In accordance with a preferred embodiment of the present invention, a thermoplastic rubber adhesive which is highly loaded with solid tackifying resin provides the desired bond to an ethylene-containing polymer foam surface, even without Corona, Flame or primer treatment. Said adhesive provides an adhesion to steel exceeding 120 oz/inch width.
It has been attempted, in the past, to utilize "double-faced" pressure-sensitive adhesive tape for securing a polyethylene film backing to the clothing of the user. Such double-faced tape consists of a thin, film-like substrate having adhesive coatings applied to each surface. When "standard" double-faced tapes are utilized for adhering to an ethylene-containing polymer foam backing, such tapes fail to satisfactorily perform their intended function. When the release strip is removed, it has the effect of delaminating the foam backing or pulling the adhesive completely away from the foam, rather than being cleanly released. This problem is overcome, in accordance with the present invention. Of course, the adhesive level of the double-faced tape attached to the undergarment must desirably be less than the adhesive level of the side of the double-faced tape attached to the ethylene-containing polymer foam backing, so as to permit the easy removal of the backing from the undergarment. This can be accomplished, either by reducing the adhesive level of the side of the double-faced tape attached to the undergarment, as compared to the opposite face of the tape, or, if the formulation of the adhesive is the same on both sides of the double-faced tape, then the adhesive level of one side may be reduced by covering part of the adhesive on said one side with a strip of non-adhesive material, or by omitting part of the adhesive on said one side.
The McGuire et al. U.S. Pat. No. 3,643,662 (as well as a related U.S. Pat. No. 3,575,175) describes a removable protective liner for nether garments which is temporarily, but securely, held to the interior crotch portion of nether garments by a narrow, double-faced, pressure-sensitive adhesive tape attached to the under surface of the liner. The adhesive tape possesses differential adhesion levels such that the adhesive layer that secures the tape to the protective liner possesses a greater level of adhesion so as to permanently adhere the tape thereto, than does the adhesive layer of the tape that temporarily, but securely, adheres the tape and the liner to the crotch portion of the nether garment. Although McGuire discloses the fact that the liner may be polyethylene film, there is no disclosure of any backing comprising ethylene-containing polymer foam and thus there is no teaching in McGuire concerning the necessitv of providing an adhesive level sufficiently high so that the double-faced tape may be securely attached to a foam backing. Thus, in accordance with the present invention, the adhesive layer attached to the foam backing must have an adhesion to steel exceeding 120 oz/inch width, whereas in accordance with the McGuire patent the maximum adhesion of the adhesive layer of the face of the tape attached to the liner is 112 oz/inch width. It has also been discovered, in accordance with the present invention, that in order for the invention to be effective, the double-faced tape must be reinforced with an inner substrate that has a non-recoverable extensibility of less than 100%. Although McGuire discloses substrates which fall within this definition, nevertheless, there is no awareness of the criticality thereof since adhesion to the polyethylene film shown in McGuire presents far less difficulty than adhesion to ethylene-containing polymer foam in accordance with the present invention.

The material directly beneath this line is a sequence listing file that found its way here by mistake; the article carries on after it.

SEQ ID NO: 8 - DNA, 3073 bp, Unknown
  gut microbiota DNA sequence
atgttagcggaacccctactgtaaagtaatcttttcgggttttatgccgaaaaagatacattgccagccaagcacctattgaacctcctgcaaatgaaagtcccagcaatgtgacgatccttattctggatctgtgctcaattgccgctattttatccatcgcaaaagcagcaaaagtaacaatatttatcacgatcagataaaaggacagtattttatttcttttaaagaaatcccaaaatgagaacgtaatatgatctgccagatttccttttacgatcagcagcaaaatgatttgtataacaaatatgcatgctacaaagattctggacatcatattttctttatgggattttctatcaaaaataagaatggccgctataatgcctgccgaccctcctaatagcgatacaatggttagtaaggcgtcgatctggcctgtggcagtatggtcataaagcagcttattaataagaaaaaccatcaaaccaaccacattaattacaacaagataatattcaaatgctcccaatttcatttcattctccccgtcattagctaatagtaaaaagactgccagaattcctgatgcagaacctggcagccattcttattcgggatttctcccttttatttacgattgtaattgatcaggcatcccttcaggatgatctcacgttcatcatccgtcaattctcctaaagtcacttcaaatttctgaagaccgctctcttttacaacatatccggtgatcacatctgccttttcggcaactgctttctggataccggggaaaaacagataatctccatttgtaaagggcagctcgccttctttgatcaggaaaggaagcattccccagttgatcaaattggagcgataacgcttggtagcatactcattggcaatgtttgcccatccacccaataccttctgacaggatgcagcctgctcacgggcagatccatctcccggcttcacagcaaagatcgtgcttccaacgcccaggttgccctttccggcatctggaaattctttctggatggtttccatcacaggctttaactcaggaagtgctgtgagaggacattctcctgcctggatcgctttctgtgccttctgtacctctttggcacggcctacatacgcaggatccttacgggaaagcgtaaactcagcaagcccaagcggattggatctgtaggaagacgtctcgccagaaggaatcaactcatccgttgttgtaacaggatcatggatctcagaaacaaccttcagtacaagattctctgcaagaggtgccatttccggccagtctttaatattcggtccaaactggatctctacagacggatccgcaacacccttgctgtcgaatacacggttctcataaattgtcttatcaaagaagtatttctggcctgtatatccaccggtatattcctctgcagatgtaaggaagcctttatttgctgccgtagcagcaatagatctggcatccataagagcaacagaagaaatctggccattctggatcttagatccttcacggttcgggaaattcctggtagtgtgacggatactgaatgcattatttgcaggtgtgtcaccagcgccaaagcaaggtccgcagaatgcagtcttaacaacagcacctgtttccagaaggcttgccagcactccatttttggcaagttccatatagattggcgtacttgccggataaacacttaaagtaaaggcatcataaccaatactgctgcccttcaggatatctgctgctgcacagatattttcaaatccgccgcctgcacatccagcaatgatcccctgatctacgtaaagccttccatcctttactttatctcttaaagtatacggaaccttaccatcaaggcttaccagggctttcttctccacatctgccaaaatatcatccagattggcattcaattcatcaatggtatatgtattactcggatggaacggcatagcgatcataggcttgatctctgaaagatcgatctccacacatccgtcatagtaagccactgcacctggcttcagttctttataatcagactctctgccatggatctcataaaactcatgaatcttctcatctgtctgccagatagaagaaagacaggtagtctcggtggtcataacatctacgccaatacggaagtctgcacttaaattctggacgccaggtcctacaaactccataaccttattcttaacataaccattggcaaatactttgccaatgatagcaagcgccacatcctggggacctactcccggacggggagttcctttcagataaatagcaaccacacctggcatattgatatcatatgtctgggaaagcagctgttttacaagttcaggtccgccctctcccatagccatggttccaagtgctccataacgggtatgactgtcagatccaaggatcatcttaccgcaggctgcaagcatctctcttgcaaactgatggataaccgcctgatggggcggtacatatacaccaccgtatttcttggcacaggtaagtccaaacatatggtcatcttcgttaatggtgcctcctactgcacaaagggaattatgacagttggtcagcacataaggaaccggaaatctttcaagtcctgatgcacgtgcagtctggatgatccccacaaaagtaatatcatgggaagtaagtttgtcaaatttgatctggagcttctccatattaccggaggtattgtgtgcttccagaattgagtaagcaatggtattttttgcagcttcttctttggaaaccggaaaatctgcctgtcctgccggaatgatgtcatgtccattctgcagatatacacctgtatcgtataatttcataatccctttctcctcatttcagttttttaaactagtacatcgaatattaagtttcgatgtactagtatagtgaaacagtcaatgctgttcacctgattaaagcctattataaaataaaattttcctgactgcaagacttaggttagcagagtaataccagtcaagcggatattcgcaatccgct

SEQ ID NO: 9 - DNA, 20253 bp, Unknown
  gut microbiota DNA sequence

The present invention relates to a liquid-impermeable ethylene-containing polymer foam backing for an absorbent product adapted to be removably attached to a nether garment, said backing having top and bottom surfaces, there being adhesive attachment means positioned on the bottom surface of said backing, for temporarily, but securely, adhering said backing to the crotch portion of a nether garment, said attachment means comprising a double-faced, pressure-sensitive adhesive tape, said tape having a first face permanently adhered to said backing, and an opposite second face adapted to be temporarily attached to a nether garment, said first face of said tape having an adhesion to steel exceeding 120 oz/inch width, with said second face of said tape having an adhesion to steel exceeding 75 oz/inch width, said tape being reinforced with an inner substrate having a non-recoverable extensibility of less than 100%.